Cask Days 2013: gummy bear beer, plus five more weird and wonderful brews coming to this year’s festival
Cask Days, North America’s largest celebration of cask-conditioned ales, is a chance for brewers to get experimental with their craft. (Brief science lesson: cask ales are unfiltered, naturally carbonated beers packed with live yeast, which keeps the fermentation process going right up until the beer is poured). A handful of tickets remain for this year’s event, which takes place at the Evergreen Brick Works on October 19 and 20. It promises to be a doozy: 230 casks from 124 breweries, including 30 from the U.K.—i.e. the motherland of cask ale—plus food from Bar Isabel, Parts and Labour and a raft of other top Toronto restaurants. Back to what’s important, though: the beer. The lineup, released earlier this week, ranges from the utterly enticing to the downright weird. Here, six of the brews we’re most excited to try.
Amsterdam Brewing Co. Full City Double Tempest Imperial Stout with Ethiopian Coffee
The original version of this beer is one of our favourite pours in the city. This edition doubles down on the roasted malts and adds a jolt of rich Ethiopian coffee, which should make for a perfect mid-session pick-me-up.
Bellwoods Brewery Donkey Venom Brett Barrel-Aged Sour Baltic Porter
The Ossington brewery spikes its big-bodied Lost River Baltic Porter with Brettanomyces, a strain of wild yeast known for mouth-puckering tartness. We’re intrigued to see how the funky add-in works with the beer’s strong chocolately notes.
Great Lakes Brewery Harry Porter Bourbon Barrel-Aged Porter with Vanilla
Possibly the closest thing to actual Butterbeer in the city. The full-bodied porter, which is occasionally available on draught, balances sweet vanilla with dark chocolate, coffee and hints of smoky bourbon. We’re curious to try it on cask.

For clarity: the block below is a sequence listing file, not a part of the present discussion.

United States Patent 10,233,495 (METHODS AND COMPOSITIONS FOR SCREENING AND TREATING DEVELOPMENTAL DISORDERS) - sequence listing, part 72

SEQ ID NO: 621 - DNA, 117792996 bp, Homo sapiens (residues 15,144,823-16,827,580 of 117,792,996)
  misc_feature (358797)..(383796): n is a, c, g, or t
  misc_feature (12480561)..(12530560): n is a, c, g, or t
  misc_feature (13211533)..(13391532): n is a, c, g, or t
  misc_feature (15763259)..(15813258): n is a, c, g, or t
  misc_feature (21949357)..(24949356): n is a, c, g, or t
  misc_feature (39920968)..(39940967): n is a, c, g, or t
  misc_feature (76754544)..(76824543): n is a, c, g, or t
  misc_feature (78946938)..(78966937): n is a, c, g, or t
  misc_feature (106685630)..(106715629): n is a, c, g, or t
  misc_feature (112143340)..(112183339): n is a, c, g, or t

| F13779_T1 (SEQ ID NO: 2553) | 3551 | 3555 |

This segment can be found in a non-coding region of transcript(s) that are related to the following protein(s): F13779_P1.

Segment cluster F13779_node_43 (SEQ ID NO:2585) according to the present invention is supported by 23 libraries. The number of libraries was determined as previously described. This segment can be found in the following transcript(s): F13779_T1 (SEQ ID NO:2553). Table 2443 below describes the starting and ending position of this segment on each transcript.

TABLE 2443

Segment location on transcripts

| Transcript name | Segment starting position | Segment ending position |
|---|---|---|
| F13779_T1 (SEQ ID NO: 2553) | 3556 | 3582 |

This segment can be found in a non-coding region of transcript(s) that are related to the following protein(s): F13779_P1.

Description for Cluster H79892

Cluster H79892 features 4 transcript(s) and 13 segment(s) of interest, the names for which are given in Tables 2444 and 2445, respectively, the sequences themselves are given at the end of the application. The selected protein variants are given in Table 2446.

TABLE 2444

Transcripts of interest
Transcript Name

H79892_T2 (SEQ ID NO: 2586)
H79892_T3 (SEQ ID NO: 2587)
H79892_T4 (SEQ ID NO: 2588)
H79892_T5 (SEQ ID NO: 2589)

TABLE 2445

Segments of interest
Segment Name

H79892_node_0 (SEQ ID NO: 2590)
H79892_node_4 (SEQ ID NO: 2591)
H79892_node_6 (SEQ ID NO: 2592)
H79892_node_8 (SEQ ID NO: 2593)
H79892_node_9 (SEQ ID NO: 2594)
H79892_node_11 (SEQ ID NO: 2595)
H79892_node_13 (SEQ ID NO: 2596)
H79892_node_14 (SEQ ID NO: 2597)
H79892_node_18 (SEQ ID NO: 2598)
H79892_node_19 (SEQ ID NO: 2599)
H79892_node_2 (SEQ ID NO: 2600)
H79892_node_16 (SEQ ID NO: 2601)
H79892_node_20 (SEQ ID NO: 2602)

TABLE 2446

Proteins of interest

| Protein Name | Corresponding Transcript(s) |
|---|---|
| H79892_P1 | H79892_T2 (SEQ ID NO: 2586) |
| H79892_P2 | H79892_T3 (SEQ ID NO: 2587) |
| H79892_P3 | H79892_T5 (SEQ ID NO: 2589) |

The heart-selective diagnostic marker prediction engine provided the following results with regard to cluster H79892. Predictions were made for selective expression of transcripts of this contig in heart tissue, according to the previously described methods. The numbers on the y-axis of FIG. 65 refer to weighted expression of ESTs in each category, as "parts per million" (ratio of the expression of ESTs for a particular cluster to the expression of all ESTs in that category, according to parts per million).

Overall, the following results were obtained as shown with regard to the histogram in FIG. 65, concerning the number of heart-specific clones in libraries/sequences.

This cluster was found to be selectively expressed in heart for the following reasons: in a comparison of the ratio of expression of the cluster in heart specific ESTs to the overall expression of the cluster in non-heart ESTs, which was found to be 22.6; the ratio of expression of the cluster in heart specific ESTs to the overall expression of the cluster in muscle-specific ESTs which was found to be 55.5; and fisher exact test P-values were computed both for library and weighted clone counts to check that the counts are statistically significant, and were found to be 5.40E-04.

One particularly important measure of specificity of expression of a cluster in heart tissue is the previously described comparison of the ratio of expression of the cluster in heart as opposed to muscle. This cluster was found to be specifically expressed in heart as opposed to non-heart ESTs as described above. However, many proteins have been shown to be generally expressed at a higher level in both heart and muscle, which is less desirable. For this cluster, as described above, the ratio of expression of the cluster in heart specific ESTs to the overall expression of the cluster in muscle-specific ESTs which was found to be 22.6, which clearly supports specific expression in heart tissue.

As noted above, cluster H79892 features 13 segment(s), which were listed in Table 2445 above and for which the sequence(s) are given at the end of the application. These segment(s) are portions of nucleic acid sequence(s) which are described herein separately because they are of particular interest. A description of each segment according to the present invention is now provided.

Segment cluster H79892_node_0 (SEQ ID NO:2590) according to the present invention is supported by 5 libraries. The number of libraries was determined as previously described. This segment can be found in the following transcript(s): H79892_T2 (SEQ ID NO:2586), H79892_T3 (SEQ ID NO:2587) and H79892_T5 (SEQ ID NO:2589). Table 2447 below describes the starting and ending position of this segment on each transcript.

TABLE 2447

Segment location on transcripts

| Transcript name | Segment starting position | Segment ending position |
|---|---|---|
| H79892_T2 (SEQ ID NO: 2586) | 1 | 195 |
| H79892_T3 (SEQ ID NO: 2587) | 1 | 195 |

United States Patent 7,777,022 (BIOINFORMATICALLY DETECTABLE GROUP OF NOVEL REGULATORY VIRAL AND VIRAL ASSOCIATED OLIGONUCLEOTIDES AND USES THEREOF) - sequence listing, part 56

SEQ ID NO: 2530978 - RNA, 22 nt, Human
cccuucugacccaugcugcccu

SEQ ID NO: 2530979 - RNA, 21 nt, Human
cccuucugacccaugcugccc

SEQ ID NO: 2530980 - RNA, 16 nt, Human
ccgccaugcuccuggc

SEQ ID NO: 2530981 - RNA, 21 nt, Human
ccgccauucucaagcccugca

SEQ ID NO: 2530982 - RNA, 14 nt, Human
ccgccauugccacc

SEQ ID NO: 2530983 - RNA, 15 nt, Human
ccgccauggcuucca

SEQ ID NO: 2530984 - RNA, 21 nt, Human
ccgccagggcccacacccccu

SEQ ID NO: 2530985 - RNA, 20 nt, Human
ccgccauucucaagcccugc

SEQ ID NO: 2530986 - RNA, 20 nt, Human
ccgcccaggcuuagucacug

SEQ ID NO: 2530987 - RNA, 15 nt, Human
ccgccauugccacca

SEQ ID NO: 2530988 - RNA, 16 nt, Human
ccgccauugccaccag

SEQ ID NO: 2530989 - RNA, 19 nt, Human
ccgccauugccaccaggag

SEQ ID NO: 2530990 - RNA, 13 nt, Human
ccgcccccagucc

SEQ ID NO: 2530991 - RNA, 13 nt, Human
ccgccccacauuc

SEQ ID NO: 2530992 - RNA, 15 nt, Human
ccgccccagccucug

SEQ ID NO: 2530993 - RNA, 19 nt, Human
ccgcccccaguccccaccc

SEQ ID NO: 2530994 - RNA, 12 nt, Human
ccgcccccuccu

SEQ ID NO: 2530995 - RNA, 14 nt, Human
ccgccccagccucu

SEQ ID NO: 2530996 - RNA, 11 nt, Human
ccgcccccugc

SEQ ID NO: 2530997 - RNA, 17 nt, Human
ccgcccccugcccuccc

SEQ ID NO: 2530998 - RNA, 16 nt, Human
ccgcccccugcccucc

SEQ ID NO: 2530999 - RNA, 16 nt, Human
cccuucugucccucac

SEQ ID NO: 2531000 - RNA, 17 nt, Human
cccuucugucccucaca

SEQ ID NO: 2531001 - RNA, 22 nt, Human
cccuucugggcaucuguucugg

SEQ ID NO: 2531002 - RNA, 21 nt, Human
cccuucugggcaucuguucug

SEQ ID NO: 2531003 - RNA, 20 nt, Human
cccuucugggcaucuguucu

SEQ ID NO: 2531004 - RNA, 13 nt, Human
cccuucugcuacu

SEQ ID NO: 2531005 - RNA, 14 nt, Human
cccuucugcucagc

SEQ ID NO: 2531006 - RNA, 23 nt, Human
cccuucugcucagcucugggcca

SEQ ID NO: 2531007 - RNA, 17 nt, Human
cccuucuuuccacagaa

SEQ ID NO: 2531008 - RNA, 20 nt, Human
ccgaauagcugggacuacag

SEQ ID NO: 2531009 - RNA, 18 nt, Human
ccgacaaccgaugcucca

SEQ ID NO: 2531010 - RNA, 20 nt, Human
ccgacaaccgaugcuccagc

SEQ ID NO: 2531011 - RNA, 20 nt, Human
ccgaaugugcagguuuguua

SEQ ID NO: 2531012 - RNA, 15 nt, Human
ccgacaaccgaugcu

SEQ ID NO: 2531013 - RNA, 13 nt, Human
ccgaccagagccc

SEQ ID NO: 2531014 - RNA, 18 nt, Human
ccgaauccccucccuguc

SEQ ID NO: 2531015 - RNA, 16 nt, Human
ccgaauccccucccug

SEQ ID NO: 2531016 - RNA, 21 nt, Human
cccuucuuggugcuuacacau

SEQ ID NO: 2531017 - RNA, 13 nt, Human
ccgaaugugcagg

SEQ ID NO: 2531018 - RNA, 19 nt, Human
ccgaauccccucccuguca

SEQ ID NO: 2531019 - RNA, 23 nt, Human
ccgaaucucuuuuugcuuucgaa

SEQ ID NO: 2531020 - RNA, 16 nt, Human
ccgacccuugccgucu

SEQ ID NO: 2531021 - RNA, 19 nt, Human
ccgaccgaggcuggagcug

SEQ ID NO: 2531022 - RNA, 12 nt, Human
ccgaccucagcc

Half Pints Brewing Strawberry Rhubarb Pie Amber Ale
A home-style dessert in a glass. The bitter backbone of the ale’s Golding hops will likely complement the fruit’s sweet, tart flavours. The nutty Crystal malts should sub in nicely for the buttery crust.
Howe Sound Brewing Rumpkineater Imperial Pumpkin Ale with Spiced Rum
Pumpkin beers are everywhere this fall, but few incorporate an extra-boozy shot of spiced rum. The season’s two coziest alcoholic beverages come together in Howe Sound’s ode to autumn, brewed with fresh roasted pumpkin, cloves, cinnamon, nutmeg and star anise. An ideal pint to pair with your snuggliest fall sweater.
Liberty Village Brewing Co. Gummi Bear Pale Ale
We’re not quite sure what to expect from this attention-grabbing brew, but we have to give the brand-new brewery props for originality. Brewed with actual gummy bears, the beer also showcases a citrusy blend of Ahtanum, Centennial and Cascade hops, which could add just the right note of bitterness to balance all that sugar.
4 thoughts on “Cask Days 2013: gummy bear beer, plus five more weird and wonderful brews coming to this year’s festival”
At risk of really geeking-out, brettanomyces doesn’t really make a beer sour, lactic bacteria does. Brett can produce some acetic acid that will give a bit of tartness, but brett’s main influence is in esters, giving unusual (for beer) earthy aromas and, depending on the fermentation (and if the yeast was primary, secondary, etc), dryness ranging from crisp to biting. That being said, it’s likely the barrel Bellwoods used would have had some lacto in it, if it’s a “sour” barrel, so the beer will still have some sour bite. I’m just being a pedantic uber-nerd….. All-in-all I’m super excited for the event! The Double Tempest is going to be insane.
By all means, geek away! When I spoke with Bellwoods about the beer, they described it as a “sour” and noted that brettanomyces was added. Unfortunately, for the sake of limited space, the two were a little conflated in the post.
You’re completely correct, of course…brettanomyces doesn’t necessarily impart any “tartness” (we probably should have used “funkiness”), but it usually reacts with acid-producing bacteria (lacto) to produce it. Either way, it’s probably going to be a little sour, a little funky, and almost certainly delicious.
And yeah, Tempest is one of my favourite beers in the city on its own. This version should be killer.
Also, to be perfectly fair to you, I’ve had editors send writing back to have it made less technical. Most people don’t really want to read geeks geeking out, no matter how much the geek wants them too ;)
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